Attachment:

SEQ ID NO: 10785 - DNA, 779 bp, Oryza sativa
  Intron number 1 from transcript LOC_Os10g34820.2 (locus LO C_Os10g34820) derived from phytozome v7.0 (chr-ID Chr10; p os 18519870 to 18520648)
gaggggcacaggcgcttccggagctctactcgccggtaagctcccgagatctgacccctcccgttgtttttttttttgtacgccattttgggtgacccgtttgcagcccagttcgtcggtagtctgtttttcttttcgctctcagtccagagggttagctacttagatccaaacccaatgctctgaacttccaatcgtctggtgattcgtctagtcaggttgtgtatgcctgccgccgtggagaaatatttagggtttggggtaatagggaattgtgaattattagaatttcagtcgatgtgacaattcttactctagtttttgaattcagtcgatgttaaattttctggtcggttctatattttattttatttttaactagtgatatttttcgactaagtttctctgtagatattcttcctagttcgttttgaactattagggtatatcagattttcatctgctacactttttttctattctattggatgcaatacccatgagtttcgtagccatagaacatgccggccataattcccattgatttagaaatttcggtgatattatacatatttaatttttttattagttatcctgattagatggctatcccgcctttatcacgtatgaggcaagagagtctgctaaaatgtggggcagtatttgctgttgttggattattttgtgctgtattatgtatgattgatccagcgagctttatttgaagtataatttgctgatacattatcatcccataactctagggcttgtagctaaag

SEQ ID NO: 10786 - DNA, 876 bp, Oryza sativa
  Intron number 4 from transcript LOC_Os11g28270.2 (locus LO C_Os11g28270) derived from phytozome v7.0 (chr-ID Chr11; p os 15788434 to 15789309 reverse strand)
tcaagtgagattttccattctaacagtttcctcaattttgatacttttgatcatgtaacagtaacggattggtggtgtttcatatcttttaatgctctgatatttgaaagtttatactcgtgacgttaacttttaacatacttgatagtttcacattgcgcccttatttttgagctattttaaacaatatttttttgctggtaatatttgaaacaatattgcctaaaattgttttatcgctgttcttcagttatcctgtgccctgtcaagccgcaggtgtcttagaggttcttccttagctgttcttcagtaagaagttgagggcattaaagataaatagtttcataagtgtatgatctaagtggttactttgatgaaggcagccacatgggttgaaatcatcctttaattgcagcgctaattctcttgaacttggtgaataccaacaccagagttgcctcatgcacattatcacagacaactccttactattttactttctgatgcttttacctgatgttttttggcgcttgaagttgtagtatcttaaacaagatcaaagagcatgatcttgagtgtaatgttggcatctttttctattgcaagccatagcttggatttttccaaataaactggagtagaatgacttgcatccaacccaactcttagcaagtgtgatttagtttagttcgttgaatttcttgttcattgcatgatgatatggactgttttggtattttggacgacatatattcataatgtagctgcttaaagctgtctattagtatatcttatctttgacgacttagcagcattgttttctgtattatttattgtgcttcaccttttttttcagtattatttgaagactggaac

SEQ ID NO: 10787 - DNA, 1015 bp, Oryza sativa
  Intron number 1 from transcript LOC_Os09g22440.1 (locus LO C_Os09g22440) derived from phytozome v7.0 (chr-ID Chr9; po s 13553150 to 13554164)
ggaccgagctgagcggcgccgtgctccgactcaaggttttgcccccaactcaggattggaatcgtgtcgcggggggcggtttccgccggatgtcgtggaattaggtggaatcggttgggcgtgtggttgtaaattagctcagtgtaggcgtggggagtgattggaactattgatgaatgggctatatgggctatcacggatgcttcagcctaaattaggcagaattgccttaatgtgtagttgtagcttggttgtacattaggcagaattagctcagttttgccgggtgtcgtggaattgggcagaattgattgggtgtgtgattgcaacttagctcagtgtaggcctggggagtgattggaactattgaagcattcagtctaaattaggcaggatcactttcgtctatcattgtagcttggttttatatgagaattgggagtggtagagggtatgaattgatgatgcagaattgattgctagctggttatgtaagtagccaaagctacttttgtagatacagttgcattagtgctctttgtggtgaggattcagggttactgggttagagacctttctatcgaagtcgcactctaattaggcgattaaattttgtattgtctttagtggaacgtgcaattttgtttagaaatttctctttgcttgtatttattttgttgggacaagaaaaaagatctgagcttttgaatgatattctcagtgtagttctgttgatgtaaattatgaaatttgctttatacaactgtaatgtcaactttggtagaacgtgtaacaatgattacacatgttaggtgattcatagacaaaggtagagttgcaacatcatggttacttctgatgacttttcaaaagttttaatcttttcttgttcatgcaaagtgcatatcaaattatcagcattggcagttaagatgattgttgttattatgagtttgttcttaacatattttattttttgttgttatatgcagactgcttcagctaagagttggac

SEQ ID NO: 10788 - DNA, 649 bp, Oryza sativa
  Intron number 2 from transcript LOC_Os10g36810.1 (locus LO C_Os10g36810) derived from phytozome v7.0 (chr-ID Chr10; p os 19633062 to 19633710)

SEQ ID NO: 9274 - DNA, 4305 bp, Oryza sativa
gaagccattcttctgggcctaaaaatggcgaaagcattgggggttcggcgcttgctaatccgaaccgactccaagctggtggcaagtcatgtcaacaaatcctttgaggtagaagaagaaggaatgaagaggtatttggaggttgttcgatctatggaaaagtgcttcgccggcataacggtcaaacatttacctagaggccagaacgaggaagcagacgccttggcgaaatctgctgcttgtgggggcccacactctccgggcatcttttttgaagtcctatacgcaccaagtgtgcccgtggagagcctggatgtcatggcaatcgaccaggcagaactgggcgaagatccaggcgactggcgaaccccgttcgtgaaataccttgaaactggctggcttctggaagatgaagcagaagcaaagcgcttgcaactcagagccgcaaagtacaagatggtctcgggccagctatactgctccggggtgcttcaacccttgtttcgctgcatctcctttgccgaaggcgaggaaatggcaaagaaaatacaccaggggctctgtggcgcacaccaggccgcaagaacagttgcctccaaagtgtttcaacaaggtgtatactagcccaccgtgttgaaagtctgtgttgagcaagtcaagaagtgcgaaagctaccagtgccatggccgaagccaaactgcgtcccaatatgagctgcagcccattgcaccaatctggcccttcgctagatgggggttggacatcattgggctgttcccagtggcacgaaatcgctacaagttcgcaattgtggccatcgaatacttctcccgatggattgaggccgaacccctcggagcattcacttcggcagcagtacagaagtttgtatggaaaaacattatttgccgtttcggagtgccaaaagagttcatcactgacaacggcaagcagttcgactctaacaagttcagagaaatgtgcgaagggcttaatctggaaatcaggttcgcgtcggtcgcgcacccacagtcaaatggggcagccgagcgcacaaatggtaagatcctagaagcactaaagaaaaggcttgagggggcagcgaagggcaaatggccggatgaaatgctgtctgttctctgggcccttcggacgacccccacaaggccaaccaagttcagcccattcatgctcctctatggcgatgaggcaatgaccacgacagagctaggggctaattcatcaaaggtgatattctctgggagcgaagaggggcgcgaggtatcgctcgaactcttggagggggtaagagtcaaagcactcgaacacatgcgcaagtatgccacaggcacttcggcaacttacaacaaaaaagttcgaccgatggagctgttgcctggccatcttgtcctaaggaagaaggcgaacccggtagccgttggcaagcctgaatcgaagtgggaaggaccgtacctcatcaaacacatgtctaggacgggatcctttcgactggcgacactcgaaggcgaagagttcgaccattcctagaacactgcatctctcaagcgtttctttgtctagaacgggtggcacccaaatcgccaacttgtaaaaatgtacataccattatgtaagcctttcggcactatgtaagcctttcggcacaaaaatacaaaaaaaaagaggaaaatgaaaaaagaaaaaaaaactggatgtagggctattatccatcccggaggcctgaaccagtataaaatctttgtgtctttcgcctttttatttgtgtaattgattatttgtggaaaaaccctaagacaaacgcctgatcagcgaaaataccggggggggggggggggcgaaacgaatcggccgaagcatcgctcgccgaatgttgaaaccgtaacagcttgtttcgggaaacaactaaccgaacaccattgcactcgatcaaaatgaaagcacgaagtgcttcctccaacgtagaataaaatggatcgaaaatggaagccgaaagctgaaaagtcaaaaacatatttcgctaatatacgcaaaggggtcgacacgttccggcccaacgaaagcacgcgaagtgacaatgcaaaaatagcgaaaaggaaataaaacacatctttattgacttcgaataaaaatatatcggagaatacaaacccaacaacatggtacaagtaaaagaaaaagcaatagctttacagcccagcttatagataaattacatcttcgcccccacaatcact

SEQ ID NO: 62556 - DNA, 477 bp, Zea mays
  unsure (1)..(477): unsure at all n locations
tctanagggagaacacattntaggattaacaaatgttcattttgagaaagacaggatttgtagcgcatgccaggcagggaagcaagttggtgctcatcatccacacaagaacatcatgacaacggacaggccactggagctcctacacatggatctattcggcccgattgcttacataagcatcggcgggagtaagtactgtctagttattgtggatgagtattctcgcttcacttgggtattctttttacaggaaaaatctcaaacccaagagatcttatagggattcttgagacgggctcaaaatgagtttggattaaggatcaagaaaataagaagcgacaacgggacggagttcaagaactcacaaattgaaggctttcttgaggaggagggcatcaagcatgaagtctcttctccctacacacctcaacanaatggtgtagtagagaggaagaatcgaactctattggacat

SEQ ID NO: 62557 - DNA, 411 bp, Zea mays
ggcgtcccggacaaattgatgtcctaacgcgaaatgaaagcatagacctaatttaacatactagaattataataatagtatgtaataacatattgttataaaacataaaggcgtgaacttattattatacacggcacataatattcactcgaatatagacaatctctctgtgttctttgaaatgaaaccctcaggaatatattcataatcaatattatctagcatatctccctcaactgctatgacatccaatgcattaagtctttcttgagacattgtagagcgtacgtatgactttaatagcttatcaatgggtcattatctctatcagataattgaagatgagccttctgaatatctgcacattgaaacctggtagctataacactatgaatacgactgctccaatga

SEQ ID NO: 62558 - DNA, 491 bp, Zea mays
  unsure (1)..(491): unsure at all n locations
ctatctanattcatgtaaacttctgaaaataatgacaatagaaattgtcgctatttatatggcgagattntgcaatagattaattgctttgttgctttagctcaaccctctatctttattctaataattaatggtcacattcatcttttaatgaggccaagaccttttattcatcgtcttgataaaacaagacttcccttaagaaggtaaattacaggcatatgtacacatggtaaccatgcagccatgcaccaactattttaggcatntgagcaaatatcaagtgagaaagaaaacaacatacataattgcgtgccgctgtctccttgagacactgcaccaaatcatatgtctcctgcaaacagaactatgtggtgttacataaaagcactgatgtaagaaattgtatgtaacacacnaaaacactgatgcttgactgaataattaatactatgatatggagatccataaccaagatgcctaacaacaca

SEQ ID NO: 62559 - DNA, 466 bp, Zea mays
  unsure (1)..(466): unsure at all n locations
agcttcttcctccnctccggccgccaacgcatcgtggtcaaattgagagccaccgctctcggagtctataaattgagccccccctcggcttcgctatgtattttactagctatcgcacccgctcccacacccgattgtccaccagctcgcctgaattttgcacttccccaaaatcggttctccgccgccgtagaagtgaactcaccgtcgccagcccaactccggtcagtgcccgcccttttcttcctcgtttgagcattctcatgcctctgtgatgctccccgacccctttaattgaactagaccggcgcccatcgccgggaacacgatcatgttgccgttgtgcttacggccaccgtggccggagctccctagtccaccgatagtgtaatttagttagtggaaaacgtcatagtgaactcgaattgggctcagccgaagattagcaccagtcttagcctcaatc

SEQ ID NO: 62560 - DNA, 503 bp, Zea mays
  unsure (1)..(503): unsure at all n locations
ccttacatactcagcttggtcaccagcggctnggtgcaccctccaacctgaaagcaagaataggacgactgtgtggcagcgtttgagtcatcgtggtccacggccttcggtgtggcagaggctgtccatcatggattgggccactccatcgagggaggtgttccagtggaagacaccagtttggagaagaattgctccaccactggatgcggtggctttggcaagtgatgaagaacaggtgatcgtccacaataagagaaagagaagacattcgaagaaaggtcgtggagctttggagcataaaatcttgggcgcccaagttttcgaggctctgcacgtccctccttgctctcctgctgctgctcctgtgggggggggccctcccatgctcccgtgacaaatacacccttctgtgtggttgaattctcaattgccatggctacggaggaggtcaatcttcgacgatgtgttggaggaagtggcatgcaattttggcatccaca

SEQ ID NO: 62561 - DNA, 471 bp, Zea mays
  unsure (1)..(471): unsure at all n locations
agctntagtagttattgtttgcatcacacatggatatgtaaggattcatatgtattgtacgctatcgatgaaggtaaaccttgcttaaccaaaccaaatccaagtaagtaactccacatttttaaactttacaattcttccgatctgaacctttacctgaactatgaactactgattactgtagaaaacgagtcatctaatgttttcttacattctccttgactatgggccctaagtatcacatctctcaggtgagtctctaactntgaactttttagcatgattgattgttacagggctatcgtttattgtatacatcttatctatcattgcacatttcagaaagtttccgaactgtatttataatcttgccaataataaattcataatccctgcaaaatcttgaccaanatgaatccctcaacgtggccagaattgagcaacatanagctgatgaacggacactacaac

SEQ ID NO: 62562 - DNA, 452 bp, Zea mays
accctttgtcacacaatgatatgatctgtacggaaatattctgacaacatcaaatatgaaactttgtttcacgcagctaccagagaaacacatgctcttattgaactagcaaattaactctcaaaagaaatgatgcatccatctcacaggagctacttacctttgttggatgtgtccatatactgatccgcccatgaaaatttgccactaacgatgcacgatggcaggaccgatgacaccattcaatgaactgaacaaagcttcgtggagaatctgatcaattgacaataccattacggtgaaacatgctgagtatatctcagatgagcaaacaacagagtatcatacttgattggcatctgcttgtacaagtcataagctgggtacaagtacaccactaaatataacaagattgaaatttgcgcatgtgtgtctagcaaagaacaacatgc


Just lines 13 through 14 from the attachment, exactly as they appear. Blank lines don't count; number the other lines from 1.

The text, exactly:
gaagccattcttctgggcctaaaaatggcgaaagcattgggggttcggcgcttgctaatccgaaccgactccaagctggtggcaagtcatgtcaacaaatcctttgaggtagaagaagaaggaatgaagaggtatttggaggttgttcgatctatggaaaagtgcttcgccggcataacggtcaaacatttacctagaggccagaacgaggaagcagacgccttggcgaaatctgctgcttgtgggggcccacactctccgggcatcttttttgaagtcctatacgcaccaagtgtgcccgtggagagcctggatgtcatggcaatcgaccaggcagaactgggcgaagatccaggcgactggcgaaccccgttcgtgaaataccttgaaactggctggcttctggaagatgaagcagaagcaaagcgcttgcaactcagagccgcaaagtacaagatggtctcgggccagctatactgctccggggtgcttcaacccttgtttcgctgcatctcctttgccgaaggcgaggaaatggcaaagaaaatacaccaggggctctgtggcgcacaccaggccgcaagaacagttgcctccaaagtgtttcaacaaggtgtatactagcccaccgtgttgaaagtctgtgttgagcaagtcaagaagtgcgaaagctaccagtgccatggccgaagccaaactgcgtcccaatatgagctgcagcccattgcaccaatctggcccttcgctagatgggggttggacatcattgggctgttcccagtggcacgaaatcgctacaagttcgcaattgtggccatcgaatacttctcccgatggattgaggccgaacccctcggagcattcacttcggcagcagtacagaagtttgtatggaaaaacattatttgccgtttcggagtgccaaaagagttcatcactgacaacggcaagcagttcgactctaacaagttcagagaaatgtgcgaagggcttaatctggaaatcaggttcgcgtcggtcgcgcacccacagtcaaatggggcagccgagcgcacaaatggtaagatcctagaagcactaaagaaaaggcttgagggggcagcgaagggcaaatggccggatgaaatgctgtctgttctctgggcccttcggacgacccccacaaggccaaccaagttcagcccattcatgctcctctatggcgatgaggcaatgaccacgacagagctaggggctaattcatcaaaggtgatattctctgggagcgaagaggggcgcgaggtatcgctcgaactcttggagggggtaagagtcaaagcactcgaacacatgcgcaagtatgccacaggcacttcggcaacttacaacaaaaaagttcgaccgatggagctgttgcctggccatcttgtcctaaggaagaaggcgaacccggtagccgttggcaagcctgaatcgaagtgggaaggaccgtacctcatcaaacacatgtctaggacgggatcctttcgactggcgacactcgaaggcgaagagttcgaccattcctagaacactgcatctctcaagcgtttctttgtctagaacgggtggcacccaaatcgccaacttgtaaaaatgtacataccattatgtaagcctttcggcactatgtaagcctttcggcacaaaaatacaaaaaaaaagaggaaaatgaaaaaagaaaaaaaaactggatgtagggctattatccatcccggaggcctgaaccagtataaaatctttgtgtctttcgcctttttatttgtgtaattgattatttgtggaaaaaccctaagacaaacgcctgatcagcgaaaataccggggggggggggggggcgaaacgaatcggccgaagcatcgctcgccgaatgttgaaaccgtaacagcttgtttcgggaaacaactaaccgaacaccattgcactcgatcaaaatgaaagcacgaagtgcttcctccaacgtagaataaaatggatcgaaaatggaagccgaaagctgaaaagtcaaaaacatatttcgctaatatacgcaaaggggtcgacacgttccggcccaacgaaagcacgcgaagtgacaatgcaaaaatagcgaaaaggaaataaaacacatctttattgacttcgaataaaaatatatcggagaatacaaacccaacaacatggtacaagtaaaagaaaaagcaatagctttacagcccagcttatagataaattacatcttcgcccccacaatcact

SEQ ID NO: 62556 - DNA, 477 bp, Zea mays